Blood transfusion is the process of transferring blood or any of its products into a person’s circulation via intravenous route. In modern medicine, only components of the blood are usually transfused. Such components include white blood cells, red blood cells, plasma, platelets, and clotting factors.


  • Red blood cells contain hemoglobin and are part of the immune system. They are known as oxygen-carriers.
  • White blood cells are known as the body’s soldiers but are not commonly used during transfusion.
  • Plasma acts as a buffer, and contains proteins and other important substances needed for the body’s overall health.
  • Platelets are involved in blood clotting, by helping the body to arrest bleeding.


Prior to blood transfusion, there are steps that need to be taken to ensure that the quality, safety and compatibility of the blood product are sustained. Most countries have specific and individual legislation that guides the safety and quality of blood transfusion. These procedures are to be followed keenly in order to enable investigation and management of any transfusion reaction or suspected transfusion-related disease transmission.

  • Blood donation

Blood transfusions use two sources. It can either be autologous or homologous. i.e. either one’s own blood or another person’s blood. Homologous transfusion is much more common and it starts with donation of blood. The blood is collected as whole blood via intravenous route and mixed with an anticoagulant.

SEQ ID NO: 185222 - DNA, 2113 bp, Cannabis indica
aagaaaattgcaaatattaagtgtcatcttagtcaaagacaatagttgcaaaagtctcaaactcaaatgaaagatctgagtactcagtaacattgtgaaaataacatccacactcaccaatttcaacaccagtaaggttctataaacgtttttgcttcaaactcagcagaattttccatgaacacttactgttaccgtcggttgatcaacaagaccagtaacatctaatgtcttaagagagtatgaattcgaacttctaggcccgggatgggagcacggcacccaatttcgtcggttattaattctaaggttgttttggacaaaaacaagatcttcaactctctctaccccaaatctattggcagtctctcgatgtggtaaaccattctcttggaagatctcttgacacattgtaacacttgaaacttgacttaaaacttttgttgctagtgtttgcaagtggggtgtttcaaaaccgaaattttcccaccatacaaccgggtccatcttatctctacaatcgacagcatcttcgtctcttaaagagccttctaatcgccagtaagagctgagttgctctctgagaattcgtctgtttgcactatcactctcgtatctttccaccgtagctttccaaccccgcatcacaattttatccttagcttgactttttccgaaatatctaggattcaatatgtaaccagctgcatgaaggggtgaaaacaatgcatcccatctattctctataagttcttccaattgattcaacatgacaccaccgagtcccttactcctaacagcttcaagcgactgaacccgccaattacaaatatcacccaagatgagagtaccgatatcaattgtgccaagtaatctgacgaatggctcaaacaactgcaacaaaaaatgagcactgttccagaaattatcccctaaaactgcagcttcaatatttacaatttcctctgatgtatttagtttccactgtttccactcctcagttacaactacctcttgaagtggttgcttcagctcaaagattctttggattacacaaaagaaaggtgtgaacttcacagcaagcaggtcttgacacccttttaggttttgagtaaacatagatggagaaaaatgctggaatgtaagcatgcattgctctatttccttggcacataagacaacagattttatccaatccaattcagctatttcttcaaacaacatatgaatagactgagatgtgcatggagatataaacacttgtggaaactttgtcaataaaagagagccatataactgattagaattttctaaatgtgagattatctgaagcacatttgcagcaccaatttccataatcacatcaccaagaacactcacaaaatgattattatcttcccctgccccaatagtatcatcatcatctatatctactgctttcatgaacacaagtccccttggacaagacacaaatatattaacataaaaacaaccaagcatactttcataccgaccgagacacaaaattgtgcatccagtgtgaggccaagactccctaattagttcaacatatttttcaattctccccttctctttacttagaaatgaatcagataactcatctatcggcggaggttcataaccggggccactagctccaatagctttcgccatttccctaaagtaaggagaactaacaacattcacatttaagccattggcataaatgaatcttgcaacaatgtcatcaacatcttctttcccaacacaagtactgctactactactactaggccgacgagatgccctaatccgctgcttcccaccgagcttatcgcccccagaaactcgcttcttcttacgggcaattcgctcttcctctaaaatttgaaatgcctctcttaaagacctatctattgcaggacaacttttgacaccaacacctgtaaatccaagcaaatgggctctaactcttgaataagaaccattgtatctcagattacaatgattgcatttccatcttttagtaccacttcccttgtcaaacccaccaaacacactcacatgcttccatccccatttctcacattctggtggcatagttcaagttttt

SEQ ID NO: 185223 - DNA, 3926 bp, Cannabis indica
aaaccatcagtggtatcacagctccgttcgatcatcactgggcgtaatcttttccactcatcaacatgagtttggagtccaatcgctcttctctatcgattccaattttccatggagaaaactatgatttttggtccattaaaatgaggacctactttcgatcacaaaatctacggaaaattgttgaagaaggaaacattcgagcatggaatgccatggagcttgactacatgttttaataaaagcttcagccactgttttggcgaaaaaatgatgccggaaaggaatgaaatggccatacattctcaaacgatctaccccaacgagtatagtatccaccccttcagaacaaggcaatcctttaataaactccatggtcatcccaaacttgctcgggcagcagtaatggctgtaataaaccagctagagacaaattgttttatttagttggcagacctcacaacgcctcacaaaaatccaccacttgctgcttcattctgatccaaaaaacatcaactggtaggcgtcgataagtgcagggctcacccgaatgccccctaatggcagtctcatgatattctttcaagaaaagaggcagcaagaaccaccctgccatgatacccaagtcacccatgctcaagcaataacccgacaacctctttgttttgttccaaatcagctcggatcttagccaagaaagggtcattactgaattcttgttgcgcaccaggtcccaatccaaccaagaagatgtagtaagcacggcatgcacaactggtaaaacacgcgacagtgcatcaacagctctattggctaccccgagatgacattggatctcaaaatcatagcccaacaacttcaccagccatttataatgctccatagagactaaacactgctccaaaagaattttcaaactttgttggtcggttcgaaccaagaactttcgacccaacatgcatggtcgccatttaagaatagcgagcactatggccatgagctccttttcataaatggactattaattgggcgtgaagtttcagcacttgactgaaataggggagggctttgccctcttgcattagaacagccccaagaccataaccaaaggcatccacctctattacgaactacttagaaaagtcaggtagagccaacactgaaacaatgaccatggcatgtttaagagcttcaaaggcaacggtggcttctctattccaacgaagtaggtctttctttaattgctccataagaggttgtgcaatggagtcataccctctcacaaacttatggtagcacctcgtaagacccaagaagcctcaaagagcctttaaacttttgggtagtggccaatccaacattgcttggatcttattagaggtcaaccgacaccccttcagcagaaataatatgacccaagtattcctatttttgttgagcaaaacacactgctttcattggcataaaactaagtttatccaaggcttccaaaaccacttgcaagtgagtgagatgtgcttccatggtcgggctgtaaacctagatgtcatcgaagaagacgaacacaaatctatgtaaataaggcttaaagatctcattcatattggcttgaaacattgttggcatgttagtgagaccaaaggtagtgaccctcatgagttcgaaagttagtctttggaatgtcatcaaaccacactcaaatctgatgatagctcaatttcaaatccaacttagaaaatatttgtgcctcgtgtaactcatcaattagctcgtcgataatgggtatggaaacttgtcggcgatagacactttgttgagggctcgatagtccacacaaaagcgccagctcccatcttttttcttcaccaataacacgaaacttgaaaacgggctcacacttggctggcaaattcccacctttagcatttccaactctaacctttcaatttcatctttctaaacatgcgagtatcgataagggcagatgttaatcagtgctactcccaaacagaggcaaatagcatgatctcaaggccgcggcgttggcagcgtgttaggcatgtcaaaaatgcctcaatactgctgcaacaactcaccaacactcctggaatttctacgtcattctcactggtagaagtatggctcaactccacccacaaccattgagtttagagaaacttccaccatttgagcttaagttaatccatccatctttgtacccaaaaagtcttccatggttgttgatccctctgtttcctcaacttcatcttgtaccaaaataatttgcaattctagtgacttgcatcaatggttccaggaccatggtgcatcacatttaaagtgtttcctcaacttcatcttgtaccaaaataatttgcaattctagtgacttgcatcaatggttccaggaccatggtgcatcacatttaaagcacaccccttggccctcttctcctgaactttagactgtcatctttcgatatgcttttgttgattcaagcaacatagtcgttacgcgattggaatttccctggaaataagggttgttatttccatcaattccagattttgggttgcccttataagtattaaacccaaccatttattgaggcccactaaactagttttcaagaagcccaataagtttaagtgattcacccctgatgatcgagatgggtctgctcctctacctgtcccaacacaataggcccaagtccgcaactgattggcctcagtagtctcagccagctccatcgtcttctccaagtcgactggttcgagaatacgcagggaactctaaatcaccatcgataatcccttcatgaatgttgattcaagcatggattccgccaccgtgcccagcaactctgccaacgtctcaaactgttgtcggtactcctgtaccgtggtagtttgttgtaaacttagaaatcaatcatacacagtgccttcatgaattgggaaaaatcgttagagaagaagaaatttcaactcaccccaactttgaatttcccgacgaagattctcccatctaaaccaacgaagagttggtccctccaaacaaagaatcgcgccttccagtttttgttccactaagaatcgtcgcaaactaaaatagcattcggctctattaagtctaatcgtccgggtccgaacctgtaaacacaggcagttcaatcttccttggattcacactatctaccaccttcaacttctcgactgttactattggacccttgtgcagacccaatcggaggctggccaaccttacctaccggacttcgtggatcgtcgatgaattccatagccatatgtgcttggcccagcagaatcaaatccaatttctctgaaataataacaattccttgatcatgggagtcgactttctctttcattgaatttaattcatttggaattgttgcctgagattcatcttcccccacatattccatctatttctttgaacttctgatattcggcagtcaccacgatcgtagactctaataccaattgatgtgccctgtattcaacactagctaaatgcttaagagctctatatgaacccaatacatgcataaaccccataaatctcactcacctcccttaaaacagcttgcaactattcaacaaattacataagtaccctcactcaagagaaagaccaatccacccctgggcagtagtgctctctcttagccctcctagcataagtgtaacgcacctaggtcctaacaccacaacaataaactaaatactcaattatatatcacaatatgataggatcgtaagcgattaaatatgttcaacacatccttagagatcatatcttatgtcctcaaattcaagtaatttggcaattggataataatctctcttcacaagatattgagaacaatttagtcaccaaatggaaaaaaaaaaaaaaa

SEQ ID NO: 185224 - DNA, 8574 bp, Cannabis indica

After donation, the donated blood is then subjected to various tests in order to make sure that it is suitable for use in specific patient populations. If the collected blood passes all tests, it is then separated into different blood components (red blood cells, plasma, platelets, albumin protein, clotting factor concentrates, cryoprecipitate, fibrinogen concentrate, and immunoglobulin) by the method of centrifugation.

  • Compatibility testing

This step is also known as typing and cross-matching of donor and recipient blood. This has to be done before a recipient receives a transfusion.

In emergency situations where crossmatching may not be feasible, and the risk of decreasing hemoglobin outweighs the risk of transfusing uncrossmatched blood, O-negative blood is usually transfused. This is followed by a crossmatch immediately or as soon as possible. O-negative is also used for children and women of childbearing age. It is preferable for the laboratory to obtain a pre-transfusion sample in these cases so a type and screen can be performed to determine the actual blood group of the patient and to check for alloantibodies.


Blood transfusion reactions can range from mild to severe. Always report even mild side effects to the doctor or nurse immediately you notice it. Certain medications can be administered prior to blood transfusion to reduce side effects.

Examples of mild blood transfusion reaction include:

  1. Chills
  2. Wheezing
  3. Fever
  4. Chest or muscle pain
  5. Headache
  6. Swelling

Examples of serious adverse transfusion reaction include:

  1. Iron overload
  2. Immunologic reactions such as increased heart rate, shortness of breath, and rapid drop in blood pressure
  3. Febrile nonhemolytic reactions
  4. Allergic transfusion reactions such as itching
  5. Anaphylactic reactions such as wheezing, shortness of breath, and circulatory shock
  6. Transfusion-related acute lung injury
  7. Transfusion-associated circulatory overload
  8. Infections

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